Words by Jane Ryan
Bananas, like most things, go in and out of fashion in the drinks world. As the vital ingredient for so many disco and tiki-style cocktails, they largely disappeared from menus when everything became short, sharp and stirred.
But bananas are having a resurgence, and the once sneered upon fruit is once again finding its well-deserved place in the cocktail world. After all who doesn't love a Banana Daiquiri?
Technically speaking, bananas are berries and they are the fruit of large flowering herbaceous plants in the genus Musa which is native to South East Asia. Wild bananas have hard seeds and little edible flesh.
This phenomenal fruit has a multitude of benefits. From combating depression, to curing hangovers and the itch of a mosquito bite, bananas work hard for their place in the fruit bowl.
Almost all of the bananas we eat today come from two wild species, thought to have originated in Australia and Papua New Guinea. Nowadays we grow them in over 100 countries.
Thanks to their high levels of tryptophan, which is converted into serotonin (a.k.a the happy-mood brain neurotransmitter) they help to perk us up and even combat depression. High in potassium and low in salt, bananas are officially recognised by the American health department (FDA) as being able to lower blood pressure and protect against heart attack and stroke. They also aid digestion and gently chelate toxins and heavy metals from the body due to their richness in pectin.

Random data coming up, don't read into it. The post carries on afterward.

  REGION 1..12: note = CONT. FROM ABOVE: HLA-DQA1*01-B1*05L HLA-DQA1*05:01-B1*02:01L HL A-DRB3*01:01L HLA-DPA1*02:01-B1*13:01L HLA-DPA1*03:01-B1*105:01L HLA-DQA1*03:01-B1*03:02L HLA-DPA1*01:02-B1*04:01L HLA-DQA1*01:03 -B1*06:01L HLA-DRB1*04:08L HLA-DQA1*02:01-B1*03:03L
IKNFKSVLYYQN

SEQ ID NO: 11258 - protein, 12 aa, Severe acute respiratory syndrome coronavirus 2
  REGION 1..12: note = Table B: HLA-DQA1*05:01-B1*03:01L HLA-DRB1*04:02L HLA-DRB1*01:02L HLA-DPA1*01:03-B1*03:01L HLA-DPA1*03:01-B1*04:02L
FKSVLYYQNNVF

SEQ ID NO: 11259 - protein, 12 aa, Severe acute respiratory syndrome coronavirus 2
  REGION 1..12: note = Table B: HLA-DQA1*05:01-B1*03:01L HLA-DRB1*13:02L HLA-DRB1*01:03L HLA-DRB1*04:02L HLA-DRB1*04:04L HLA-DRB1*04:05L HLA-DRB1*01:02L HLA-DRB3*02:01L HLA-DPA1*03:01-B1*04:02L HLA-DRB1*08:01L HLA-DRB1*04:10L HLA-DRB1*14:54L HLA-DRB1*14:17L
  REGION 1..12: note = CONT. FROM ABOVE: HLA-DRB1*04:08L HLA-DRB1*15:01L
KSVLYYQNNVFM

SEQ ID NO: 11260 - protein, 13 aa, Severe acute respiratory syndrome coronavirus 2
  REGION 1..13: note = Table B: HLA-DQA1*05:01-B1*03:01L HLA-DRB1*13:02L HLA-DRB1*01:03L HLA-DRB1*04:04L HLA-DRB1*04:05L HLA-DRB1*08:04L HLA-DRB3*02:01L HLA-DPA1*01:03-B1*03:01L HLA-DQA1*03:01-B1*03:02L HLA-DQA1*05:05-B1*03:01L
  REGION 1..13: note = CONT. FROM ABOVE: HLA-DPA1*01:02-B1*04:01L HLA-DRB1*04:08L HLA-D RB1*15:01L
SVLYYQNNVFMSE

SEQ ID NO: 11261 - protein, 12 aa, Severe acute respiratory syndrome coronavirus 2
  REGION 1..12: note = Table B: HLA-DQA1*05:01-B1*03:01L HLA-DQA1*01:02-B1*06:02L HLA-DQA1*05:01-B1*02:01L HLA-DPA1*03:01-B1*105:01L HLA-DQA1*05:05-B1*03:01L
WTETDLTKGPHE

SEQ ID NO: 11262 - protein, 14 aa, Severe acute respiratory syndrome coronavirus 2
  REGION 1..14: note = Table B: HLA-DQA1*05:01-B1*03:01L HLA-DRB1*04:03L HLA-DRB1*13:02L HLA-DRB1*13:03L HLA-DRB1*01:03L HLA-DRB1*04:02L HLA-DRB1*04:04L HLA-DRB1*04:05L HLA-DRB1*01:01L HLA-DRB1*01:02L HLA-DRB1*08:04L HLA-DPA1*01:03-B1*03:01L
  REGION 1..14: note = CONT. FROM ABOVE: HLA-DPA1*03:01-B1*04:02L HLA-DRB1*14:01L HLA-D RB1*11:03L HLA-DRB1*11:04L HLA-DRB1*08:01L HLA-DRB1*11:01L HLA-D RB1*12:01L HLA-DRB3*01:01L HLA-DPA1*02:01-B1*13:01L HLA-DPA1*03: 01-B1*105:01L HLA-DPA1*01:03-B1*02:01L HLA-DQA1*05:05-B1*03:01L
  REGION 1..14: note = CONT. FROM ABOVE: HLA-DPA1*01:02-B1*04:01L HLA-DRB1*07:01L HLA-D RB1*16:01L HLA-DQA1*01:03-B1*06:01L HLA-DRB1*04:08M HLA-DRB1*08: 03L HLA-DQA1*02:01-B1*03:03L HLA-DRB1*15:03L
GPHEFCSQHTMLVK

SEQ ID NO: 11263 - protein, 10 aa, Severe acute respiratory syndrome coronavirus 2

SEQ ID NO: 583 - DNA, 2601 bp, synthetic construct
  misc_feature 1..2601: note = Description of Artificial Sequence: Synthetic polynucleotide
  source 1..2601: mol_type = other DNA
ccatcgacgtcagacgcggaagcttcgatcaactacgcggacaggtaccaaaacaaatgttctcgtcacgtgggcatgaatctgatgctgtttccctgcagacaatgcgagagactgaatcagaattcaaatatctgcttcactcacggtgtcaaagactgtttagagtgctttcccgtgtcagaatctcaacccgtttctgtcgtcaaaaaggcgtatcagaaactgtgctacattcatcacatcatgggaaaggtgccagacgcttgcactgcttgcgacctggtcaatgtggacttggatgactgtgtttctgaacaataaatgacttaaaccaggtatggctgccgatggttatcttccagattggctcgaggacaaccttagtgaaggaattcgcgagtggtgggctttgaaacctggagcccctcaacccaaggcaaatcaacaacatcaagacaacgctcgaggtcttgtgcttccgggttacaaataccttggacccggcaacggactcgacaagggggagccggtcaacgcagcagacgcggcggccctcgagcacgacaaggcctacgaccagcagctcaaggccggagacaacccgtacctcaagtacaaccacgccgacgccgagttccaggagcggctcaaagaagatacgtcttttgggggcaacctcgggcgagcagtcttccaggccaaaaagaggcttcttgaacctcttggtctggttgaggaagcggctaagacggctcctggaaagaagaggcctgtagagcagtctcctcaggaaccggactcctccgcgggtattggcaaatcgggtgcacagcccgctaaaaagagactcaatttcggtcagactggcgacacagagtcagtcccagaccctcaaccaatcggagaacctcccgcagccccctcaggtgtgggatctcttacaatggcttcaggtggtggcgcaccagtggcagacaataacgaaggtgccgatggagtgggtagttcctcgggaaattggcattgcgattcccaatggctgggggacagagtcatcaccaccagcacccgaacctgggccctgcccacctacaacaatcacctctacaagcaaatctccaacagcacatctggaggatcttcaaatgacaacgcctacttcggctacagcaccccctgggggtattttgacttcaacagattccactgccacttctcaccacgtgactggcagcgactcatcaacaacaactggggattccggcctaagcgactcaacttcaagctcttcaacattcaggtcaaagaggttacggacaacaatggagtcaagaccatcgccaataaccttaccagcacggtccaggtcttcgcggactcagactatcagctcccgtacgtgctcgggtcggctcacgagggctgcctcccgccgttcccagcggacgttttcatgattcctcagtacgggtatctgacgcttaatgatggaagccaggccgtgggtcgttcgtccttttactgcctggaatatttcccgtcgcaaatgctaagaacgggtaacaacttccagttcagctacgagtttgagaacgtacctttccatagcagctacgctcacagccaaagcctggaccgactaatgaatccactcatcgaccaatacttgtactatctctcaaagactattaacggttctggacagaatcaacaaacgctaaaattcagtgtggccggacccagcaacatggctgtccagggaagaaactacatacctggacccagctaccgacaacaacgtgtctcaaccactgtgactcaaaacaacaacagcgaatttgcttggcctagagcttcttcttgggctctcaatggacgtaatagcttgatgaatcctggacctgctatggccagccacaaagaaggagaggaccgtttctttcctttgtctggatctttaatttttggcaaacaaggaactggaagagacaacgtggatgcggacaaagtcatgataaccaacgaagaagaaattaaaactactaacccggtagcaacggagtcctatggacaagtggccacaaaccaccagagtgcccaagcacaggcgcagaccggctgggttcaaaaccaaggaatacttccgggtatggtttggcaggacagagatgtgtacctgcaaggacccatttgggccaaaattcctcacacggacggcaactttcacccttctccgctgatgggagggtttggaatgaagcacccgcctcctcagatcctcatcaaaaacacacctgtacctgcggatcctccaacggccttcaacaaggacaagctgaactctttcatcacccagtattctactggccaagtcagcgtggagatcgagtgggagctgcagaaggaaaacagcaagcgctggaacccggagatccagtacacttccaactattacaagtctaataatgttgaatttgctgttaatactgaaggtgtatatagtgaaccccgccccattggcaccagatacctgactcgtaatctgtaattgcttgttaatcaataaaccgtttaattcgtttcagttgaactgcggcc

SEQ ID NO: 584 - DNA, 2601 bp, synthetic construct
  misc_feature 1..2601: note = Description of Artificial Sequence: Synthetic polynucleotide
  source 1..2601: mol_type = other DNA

Variations on the well-known yellow banana include the Pink Banana (Musa velutina) which produces a pink fruit of about 10cm. It has soft, sweet flesh that can be eaten but the seeds are hard enough to chip a tooth. Fe'i bananas (also spelt Fehi or Fei) are found mainly in the islands of the Pacific and have brilliant orange to red skin with yellow or orange flesh inside which is usually eaten cooked.
Bananas are almost impossible to juice and make for a baby food-like texture when muddled which means blending the fruit into drinks gives the best results.
One of the most popular bar calls for this style is the humble Banana Daiquiri. A victim of 1980s disco drinks culture, this classic blended cocktail has become known for being overly sweet. However, it doesn't have to be. This twist on the classic Daiquiri proves blended drinks can be as balanced and elegant as their stirred or shaken counterparts.